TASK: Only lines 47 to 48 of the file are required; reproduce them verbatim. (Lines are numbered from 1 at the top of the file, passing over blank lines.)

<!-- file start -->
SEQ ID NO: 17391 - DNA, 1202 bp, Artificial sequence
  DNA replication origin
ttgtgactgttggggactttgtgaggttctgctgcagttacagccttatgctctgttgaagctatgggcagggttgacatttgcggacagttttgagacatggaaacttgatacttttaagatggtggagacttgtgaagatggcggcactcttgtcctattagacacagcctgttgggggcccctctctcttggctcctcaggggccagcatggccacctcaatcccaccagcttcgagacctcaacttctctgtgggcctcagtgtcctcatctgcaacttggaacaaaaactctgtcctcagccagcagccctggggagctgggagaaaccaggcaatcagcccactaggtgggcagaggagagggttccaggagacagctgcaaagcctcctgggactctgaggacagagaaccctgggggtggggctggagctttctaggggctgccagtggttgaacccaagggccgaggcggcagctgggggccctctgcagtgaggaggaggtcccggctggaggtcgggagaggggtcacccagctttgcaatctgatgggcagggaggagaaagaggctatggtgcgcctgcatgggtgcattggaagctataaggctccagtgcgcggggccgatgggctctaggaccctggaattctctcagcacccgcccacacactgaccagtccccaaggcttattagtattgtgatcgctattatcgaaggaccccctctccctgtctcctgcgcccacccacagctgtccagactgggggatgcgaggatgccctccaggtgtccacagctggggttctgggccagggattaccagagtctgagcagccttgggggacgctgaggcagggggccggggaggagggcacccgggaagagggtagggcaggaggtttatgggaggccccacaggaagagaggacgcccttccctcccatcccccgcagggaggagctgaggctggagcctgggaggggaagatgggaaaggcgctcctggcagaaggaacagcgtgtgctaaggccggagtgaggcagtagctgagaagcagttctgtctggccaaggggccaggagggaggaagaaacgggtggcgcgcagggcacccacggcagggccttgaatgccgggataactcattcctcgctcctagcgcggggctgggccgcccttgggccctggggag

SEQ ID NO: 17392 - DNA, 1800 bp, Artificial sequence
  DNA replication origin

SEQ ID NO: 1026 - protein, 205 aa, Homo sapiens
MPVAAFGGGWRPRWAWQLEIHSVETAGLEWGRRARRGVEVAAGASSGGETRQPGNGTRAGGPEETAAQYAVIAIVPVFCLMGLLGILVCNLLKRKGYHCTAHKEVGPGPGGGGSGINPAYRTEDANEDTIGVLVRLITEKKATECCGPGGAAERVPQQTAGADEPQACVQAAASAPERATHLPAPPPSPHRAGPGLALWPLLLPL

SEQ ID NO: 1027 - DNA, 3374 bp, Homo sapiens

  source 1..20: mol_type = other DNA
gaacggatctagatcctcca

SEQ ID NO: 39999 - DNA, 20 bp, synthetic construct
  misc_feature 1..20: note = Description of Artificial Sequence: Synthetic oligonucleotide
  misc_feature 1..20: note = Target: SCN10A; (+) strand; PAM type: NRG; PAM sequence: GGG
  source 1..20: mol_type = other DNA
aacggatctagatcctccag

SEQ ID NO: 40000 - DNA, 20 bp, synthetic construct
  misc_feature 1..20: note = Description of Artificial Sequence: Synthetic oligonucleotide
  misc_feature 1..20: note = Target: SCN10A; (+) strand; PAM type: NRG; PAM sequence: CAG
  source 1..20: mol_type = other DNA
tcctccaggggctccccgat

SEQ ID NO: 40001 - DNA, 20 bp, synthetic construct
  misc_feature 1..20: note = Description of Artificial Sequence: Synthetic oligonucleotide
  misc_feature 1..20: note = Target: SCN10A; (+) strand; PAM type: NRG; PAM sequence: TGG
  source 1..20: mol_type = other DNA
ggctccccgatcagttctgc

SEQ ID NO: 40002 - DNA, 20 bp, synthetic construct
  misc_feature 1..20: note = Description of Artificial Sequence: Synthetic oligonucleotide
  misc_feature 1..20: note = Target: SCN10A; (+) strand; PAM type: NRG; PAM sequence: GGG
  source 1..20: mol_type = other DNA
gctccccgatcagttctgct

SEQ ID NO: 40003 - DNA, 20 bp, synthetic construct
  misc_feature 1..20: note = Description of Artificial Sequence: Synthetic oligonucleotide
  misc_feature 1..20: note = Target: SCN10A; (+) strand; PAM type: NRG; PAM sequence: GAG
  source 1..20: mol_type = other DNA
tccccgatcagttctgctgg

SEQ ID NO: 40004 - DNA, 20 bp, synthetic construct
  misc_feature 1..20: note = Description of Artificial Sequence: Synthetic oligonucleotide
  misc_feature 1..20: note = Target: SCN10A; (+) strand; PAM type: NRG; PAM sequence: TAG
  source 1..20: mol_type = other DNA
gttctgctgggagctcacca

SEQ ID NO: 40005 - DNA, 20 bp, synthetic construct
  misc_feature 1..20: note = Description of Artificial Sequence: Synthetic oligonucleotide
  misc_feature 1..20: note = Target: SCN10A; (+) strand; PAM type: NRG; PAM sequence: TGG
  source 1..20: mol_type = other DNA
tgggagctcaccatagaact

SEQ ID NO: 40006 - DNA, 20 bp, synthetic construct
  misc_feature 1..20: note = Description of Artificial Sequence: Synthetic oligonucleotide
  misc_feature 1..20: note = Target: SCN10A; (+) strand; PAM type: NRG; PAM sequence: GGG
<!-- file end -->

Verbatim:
  misc_feature 1..20: note = Description of Artificial Sequence: Synthetic oligonucleotide
  misc_feature 1..20: note = Target: SCN10A; (+) strand; PAM type: NRG; PAM sequence: GGG